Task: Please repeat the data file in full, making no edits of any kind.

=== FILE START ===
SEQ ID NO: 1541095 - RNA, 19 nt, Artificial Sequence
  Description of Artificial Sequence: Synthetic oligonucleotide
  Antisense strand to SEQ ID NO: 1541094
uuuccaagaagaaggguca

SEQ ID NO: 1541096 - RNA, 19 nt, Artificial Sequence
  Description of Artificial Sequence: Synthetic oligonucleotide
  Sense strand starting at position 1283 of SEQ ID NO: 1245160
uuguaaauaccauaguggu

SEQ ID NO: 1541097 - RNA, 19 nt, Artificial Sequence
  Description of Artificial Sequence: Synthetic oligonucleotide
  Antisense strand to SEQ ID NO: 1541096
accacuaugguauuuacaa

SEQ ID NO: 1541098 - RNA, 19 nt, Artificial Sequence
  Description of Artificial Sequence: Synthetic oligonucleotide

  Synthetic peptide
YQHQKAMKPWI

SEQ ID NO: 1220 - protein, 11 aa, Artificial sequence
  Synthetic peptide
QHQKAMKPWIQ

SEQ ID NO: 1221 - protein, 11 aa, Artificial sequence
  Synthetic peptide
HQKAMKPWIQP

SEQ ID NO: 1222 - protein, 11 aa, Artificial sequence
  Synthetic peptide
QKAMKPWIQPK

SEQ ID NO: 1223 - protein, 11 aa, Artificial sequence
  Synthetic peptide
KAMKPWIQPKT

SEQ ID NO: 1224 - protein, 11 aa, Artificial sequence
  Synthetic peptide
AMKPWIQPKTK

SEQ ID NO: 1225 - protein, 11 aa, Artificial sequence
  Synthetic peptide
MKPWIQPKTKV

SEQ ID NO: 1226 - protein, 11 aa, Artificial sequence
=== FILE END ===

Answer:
SEQ ID NO: 1541095 - RNA, 19 nt, Artificial Sequence
  Description of Artificial Sequence: Synthetic oligonucleotide
  Antisense strand to SEQ ID NO: 1541094
uuuccaagaagaaggguca

SEQ ID NO: 1541096 - RNA, 19 nt, Artificial Sequence
  Description of Artificial Sequence: Synthetic oligonucleotide
  Sense strand starting at position 1283 of SEQ ID NO: 1245160
uuguaaauaccauaguggu

SEQ ID NO: 1541097 - RNA, 19 nt, Artificial Sequence
  Description of Artificial Sequence: Synthetic oligonucleotide
  Antisense strand to SEQ ID NO: 1541096
accacuaugguauuuacaa

SEQ ID NO: 1541098 - RNA, 19 nt, Artificial Sequence
  Description of Artificial Sequence: Synthetic oligonucleotide

  Synthetic peptide
YQHQKAMKPWI

SEQ ID NO: 1220 - protein, 11 aa, Artificial sequence
  Synthetic peptide
QHQKAMKPWIQ

SEQ ID NO: 1221 - protein, 11 aa, Artificial sequence
  Synthetic peptide
HQKAMKPWIQP

SEQ ID NO: 1222 - protein, 11 aa, Artificial sequence
  Synthetic peptide
QKAMKPWIQPK

SEQ ID NO: 1223 - protein, 11 aa, Artificial sequence
  Synthetic peptide
KAMKPWIQPKT

SEQ ID NO: 1224 - protein, 11 aa, Artificial sequence
  Synthetic peptide
AMKPWIQPKTK

SEQ ID NO: 1225 - protein, 11 aa, Artificial sequence
  Synthetic peptide
MKPWIQPKTKV

SEQ ID NO: 1226 - protein, 11 aa, Artificial sequence